If you want to start buying, mining, or selling Bitcoin, the first thing you need is a Bitcoin wallet. Even if you’re not involved in the world of cryptocurrency trade, you might have already heard of the term and have a vague understanding of how it works. However, you might not know about all the options and how they differ from one another.
Let’s take a deeper look into Bitcoin wallets and find out which one would work best for you.
The Basics: What Does a Bitcoin Wallet Do?
A Bitcoin wallet is your means of identification and transaction security. Each wallet will have a unique private key when you first open the account associated with the wallet. Usually called a seed, the wallet will use the private key for Bitcoin exchanges, and only you will have access to it. Additionally, the wallet generates a public key, also known as an address, allowing it to send and receive Bitcoin to other wallets.
When you want to send Bitcoin to another user, for example, the wallet will combine your private key with the recipient’s public key. This allows the blockchain structure behind Bitcoin operation to have authentication and confirmation of the transaction, as all cryptocurrency connects to their respective public keys.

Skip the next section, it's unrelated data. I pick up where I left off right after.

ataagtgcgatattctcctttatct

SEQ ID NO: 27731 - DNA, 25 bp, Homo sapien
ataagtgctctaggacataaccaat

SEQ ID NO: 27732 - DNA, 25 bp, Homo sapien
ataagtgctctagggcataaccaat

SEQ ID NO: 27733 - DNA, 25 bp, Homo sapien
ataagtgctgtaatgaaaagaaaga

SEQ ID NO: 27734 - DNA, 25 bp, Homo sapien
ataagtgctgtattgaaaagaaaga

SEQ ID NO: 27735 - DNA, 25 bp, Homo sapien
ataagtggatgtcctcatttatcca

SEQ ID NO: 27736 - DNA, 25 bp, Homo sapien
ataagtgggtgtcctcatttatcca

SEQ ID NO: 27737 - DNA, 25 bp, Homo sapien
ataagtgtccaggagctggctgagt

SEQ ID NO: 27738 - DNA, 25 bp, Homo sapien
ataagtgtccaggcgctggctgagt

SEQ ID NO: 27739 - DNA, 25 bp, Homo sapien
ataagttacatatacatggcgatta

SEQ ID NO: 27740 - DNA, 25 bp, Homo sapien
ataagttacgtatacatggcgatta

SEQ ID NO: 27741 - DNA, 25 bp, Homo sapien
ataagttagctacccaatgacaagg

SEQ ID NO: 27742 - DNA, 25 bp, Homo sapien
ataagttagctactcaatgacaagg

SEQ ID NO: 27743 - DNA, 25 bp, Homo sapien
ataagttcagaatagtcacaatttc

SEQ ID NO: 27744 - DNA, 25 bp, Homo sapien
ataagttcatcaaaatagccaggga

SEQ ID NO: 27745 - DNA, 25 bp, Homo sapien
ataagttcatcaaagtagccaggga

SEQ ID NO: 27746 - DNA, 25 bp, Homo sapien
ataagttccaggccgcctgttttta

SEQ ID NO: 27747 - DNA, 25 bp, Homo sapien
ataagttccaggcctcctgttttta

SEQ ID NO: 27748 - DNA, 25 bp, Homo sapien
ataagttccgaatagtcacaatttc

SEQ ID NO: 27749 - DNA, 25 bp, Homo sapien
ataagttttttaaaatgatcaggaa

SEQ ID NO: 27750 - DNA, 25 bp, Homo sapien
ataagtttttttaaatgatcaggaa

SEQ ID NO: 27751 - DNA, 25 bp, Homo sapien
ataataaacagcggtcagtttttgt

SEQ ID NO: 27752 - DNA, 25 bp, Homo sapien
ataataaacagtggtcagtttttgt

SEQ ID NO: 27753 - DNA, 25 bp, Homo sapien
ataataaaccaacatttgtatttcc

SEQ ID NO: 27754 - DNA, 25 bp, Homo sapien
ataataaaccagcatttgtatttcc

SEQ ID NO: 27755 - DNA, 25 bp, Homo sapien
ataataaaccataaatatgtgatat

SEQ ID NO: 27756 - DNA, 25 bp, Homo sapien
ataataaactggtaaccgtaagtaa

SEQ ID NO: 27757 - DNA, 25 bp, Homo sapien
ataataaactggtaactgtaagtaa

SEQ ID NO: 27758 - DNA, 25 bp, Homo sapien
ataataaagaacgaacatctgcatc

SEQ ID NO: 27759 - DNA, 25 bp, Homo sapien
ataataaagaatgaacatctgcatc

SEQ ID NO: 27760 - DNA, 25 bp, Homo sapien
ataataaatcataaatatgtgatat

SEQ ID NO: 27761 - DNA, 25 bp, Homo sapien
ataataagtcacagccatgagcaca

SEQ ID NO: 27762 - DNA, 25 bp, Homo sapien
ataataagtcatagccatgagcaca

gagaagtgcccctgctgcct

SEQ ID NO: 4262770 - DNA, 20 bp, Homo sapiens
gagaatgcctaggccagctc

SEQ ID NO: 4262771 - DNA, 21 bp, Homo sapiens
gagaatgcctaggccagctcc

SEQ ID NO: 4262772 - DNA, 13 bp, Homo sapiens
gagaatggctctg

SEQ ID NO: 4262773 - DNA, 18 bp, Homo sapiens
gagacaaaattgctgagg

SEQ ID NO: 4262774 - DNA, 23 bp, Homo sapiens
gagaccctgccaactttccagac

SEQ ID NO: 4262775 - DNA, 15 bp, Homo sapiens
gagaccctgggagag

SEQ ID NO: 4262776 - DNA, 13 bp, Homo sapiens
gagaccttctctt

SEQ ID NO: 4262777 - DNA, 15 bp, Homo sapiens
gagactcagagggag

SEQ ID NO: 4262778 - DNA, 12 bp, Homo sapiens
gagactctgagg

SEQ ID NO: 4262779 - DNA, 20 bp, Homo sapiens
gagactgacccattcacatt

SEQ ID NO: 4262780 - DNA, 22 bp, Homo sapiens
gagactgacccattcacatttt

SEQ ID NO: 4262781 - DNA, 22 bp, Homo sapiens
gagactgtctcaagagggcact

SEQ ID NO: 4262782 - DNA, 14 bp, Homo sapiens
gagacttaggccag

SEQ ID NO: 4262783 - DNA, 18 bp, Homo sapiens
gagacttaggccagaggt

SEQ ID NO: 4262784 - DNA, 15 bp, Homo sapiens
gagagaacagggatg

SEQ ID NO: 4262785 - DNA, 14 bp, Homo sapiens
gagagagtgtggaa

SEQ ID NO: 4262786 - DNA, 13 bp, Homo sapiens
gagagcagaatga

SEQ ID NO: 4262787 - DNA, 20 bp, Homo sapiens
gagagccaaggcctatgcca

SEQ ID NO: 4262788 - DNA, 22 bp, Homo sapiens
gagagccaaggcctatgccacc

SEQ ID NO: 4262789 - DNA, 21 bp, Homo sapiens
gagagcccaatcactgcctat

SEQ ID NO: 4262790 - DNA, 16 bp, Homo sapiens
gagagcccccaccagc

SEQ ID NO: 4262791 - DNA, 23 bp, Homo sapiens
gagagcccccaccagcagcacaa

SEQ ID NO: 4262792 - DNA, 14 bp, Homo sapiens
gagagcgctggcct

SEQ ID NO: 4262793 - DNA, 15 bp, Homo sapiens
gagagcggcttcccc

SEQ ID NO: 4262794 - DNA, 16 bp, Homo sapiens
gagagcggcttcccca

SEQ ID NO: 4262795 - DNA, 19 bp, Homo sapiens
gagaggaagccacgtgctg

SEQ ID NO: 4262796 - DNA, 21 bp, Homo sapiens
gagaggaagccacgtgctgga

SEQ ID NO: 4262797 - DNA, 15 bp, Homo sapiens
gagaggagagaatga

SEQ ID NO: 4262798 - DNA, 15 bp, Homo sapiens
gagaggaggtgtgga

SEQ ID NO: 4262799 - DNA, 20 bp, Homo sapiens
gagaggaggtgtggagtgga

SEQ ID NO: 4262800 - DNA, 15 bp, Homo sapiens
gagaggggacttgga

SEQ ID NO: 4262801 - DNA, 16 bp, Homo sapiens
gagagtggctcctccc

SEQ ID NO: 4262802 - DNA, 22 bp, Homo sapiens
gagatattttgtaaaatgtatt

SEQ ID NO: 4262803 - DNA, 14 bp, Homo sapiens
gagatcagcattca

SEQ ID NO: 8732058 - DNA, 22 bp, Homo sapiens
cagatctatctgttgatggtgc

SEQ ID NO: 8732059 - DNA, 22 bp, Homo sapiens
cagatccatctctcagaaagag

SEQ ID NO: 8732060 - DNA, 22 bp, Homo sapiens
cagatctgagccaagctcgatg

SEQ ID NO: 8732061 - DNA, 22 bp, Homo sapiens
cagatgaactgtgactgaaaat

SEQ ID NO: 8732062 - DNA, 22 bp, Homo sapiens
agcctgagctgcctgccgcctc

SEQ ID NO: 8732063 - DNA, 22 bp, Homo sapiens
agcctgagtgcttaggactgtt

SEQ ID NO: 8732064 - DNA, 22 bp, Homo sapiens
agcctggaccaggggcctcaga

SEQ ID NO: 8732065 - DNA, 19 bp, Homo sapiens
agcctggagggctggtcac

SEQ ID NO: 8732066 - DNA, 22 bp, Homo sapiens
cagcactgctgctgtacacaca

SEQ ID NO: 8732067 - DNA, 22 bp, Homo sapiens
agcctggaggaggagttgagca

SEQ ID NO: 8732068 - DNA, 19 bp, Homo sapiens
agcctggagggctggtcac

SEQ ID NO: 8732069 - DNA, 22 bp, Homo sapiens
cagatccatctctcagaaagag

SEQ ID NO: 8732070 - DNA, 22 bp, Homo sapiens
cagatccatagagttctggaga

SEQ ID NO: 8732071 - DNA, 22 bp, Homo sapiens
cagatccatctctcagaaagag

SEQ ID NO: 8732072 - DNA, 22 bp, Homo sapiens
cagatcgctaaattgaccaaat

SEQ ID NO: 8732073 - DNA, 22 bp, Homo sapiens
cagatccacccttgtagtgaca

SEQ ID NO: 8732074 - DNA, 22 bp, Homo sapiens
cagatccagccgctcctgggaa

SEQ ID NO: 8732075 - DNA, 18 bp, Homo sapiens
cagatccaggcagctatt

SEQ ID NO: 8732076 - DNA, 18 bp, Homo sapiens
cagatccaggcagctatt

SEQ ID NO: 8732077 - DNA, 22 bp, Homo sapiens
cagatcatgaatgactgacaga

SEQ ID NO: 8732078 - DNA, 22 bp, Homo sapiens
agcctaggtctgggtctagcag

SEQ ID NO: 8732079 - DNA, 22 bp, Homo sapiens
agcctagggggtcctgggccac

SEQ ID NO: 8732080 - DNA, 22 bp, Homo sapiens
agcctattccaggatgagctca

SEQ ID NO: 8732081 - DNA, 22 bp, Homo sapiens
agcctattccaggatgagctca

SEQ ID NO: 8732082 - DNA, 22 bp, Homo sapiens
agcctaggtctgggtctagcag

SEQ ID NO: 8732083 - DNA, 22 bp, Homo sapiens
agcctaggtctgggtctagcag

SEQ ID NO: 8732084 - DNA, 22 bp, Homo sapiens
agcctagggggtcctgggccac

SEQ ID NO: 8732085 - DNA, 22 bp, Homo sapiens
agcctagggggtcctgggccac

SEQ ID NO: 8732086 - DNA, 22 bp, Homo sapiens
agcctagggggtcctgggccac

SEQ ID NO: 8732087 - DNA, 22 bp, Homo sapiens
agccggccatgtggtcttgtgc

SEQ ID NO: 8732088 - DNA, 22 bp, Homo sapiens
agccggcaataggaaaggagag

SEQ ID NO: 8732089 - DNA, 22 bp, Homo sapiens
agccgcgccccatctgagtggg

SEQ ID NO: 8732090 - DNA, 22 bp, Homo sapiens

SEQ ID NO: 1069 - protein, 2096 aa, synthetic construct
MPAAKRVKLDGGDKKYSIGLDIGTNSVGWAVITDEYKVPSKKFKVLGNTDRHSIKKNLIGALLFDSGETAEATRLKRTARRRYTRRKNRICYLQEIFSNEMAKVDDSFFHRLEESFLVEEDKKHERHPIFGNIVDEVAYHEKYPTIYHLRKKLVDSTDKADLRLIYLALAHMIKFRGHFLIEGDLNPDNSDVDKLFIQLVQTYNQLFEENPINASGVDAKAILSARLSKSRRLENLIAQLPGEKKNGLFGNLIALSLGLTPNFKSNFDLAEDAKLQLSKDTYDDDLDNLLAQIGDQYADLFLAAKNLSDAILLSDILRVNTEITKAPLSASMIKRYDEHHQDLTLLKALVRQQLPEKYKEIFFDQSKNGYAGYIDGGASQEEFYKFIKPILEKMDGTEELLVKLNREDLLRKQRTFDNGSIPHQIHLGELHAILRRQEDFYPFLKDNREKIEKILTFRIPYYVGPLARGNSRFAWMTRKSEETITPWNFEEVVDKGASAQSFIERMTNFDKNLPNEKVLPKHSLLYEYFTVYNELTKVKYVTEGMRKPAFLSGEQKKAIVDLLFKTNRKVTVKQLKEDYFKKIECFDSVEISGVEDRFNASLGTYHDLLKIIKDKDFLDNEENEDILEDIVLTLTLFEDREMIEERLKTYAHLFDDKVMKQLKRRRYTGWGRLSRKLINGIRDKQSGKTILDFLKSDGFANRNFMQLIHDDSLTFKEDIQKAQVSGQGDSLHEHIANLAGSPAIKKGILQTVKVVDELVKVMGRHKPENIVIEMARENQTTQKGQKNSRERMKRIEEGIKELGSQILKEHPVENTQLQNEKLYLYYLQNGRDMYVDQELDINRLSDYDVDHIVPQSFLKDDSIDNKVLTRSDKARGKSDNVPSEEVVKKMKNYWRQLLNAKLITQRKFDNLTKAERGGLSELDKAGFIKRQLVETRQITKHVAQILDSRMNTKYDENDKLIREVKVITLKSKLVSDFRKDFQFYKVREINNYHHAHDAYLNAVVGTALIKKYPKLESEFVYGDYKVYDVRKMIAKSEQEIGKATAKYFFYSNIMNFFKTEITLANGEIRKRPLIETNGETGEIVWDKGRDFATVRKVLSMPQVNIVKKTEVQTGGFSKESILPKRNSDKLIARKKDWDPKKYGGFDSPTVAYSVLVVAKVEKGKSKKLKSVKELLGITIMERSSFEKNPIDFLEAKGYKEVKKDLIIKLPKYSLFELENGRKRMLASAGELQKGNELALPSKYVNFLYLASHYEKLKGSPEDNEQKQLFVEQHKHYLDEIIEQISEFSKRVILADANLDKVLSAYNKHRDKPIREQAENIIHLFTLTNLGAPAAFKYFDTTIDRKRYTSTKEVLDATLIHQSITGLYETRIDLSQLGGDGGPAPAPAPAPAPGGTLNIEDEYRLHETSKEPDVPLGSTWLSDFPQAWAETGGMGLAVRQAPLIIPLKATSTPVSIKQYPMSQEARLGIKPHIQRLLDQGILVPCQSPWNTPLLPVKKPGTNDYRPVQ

Since your Bitcoin wallet stores your private and public keys, it also holds your Bitcoin, much like a regular wallet does with currency.
Types of Bitcoin Wallets
Considering a Bitcoin wallet is used to store one of the most valuable cryptocurrencies globally, there have been many developments and ways to increase both security and accessibility to wallets depending on how users want to use Bitcoin.
Some of the most common and secure wallets that allow regular Bitcoin transactions are desktop wallets. These are installed on your PC and store all the necessary information inside your hard drive. They don’t rely on third-party data and use better encryption methods to save the files securely on the PC. The main benefit of desktop wallets is that they’re still connected to the internet (depending, of course, on your PC’s connection), and you can conduct Bitcoin transactions, making them perfect for users that trade small amounts of Bitcoin regularly.
Web-based wallets, as their name suggests, store all your data and keys on a third-party (usually the operator’s) server. The main benefit of web wallets is increased accessibility, as they can be connected to either a PC or a mobile device to conduct Bitcoin transactions. However, you’re storing all your information, and Bitcoin, on someone else’s computer, so there is noticeable downshift in security compared to mobile and PC wallets. If you plan on using web wallets, do your research thoroughly to ensure that the company can be trusted with your data (and money).